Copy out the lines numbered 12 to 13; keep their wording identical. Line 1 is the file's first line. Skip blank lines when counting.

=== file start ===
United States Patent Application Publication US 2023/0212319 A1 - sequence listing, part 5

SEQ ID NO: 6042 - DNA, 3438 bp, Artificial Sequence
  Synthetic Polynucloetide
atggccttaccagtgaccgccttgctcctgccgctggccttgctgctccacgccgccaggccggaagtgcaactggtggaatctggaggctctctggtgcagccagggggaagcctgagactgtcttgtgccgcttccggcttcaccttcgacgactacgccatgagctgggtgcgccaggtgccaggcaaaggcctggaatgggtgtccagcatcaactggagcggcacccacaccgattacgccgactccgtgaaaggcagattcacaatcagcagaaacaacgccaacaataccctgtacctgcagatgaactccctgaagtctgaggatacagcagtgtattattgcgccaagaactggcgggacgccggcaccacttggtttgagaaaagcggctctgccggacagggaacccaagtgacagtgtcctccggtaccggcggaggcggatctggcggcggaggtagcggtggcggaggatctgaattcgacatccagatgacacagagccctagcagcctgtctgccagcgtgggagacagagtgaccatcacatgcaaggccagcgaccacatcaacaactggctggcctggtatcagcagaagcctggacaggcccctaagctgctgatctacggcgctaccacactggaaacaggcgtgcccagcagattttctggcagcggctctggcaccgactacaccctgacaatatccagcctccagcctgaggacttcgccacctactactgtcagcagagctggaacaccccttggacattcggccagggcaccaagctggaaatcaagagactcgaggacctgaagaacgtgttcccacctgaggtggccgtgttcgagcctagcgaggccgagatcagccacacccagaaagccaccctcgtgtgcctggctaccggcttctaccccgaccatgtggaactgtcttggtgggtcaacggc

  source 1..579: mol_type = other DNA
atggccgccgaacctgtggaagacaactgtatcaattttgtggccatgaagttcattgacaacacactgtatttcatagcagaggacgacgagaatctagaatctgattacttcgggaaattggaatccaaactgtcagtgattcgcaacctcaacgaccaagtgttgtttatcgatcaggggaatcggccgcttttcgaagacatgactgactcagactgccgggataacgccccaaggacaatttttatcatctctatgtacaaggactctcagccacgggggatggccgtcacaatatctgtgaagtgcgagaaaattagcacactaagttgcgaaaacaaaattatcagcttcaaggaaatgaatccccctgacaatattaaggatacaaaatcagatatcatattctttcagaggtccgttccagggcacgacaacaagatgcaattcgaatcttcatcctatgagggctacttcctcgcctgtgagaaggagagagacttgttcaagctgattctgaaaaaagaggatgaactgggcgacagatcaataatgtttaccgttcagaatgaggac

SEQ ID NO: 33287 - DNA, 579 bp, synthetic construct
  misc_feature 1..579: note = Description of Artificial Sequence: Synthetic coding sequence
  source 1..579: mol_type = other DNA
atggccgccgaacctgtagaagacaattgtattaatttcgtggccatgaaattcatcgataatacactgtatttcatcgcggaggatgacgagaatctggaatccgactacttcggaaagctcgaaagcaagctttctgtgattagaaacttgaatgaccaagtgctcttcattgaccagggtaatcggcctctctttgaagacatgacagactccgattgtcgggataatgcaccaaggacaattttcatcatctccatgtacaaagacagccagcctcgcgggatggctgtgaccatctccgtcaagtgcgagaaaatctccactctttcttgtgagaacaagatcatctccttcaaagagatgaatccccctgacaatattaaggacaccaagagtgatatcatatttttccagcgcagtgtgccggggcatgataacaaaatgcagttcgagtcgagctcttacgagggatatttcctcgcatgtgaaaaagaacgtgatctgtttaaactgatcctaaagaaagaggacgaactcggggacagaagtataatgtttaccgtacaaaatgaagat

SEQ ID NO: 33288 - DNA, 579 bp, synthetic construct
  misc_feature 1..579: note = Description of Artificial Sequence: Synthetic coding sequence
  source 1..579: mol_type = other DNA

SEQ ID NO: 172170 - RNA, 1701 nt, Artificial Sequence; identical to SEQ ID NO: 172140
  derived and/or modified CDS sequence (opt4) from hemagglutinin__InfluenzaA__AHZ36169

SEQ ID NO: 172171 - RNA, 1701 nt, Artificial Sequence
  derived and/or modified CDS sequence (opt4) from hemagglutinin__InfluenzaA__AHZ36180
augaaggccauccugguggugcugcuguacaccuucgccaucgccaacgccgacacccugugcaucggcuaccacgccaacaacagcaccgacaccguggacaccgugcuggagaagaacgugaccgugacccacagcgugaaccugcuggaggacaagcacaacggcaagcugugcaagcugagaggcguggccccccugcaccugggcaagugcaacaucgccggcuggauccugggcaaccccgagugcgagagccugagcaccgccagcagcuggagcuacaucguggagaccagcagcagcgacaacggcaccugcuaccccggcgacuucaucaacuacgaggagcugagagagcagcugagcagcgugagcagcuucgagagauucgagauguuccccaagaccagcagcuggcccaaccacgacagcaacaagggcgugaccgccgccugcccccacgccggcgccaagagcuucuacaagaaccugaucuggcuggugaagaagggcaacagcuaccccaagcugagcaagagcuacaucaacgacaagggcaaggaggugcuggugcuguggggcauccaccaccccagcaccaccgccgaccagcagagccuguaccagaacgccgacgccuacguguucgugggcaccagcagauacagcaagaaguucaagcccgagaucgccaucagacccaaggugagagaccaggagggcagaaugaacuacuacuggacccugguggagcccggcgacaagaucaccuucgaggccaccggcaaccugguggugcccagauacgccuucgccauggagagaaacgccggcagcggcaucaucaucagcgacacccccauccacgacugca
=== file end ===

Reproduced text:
  misc_feature 1..579: note = Description of Artificial Sequence: Synthetic coding sequence
  source 1..579: mol_type = other DNA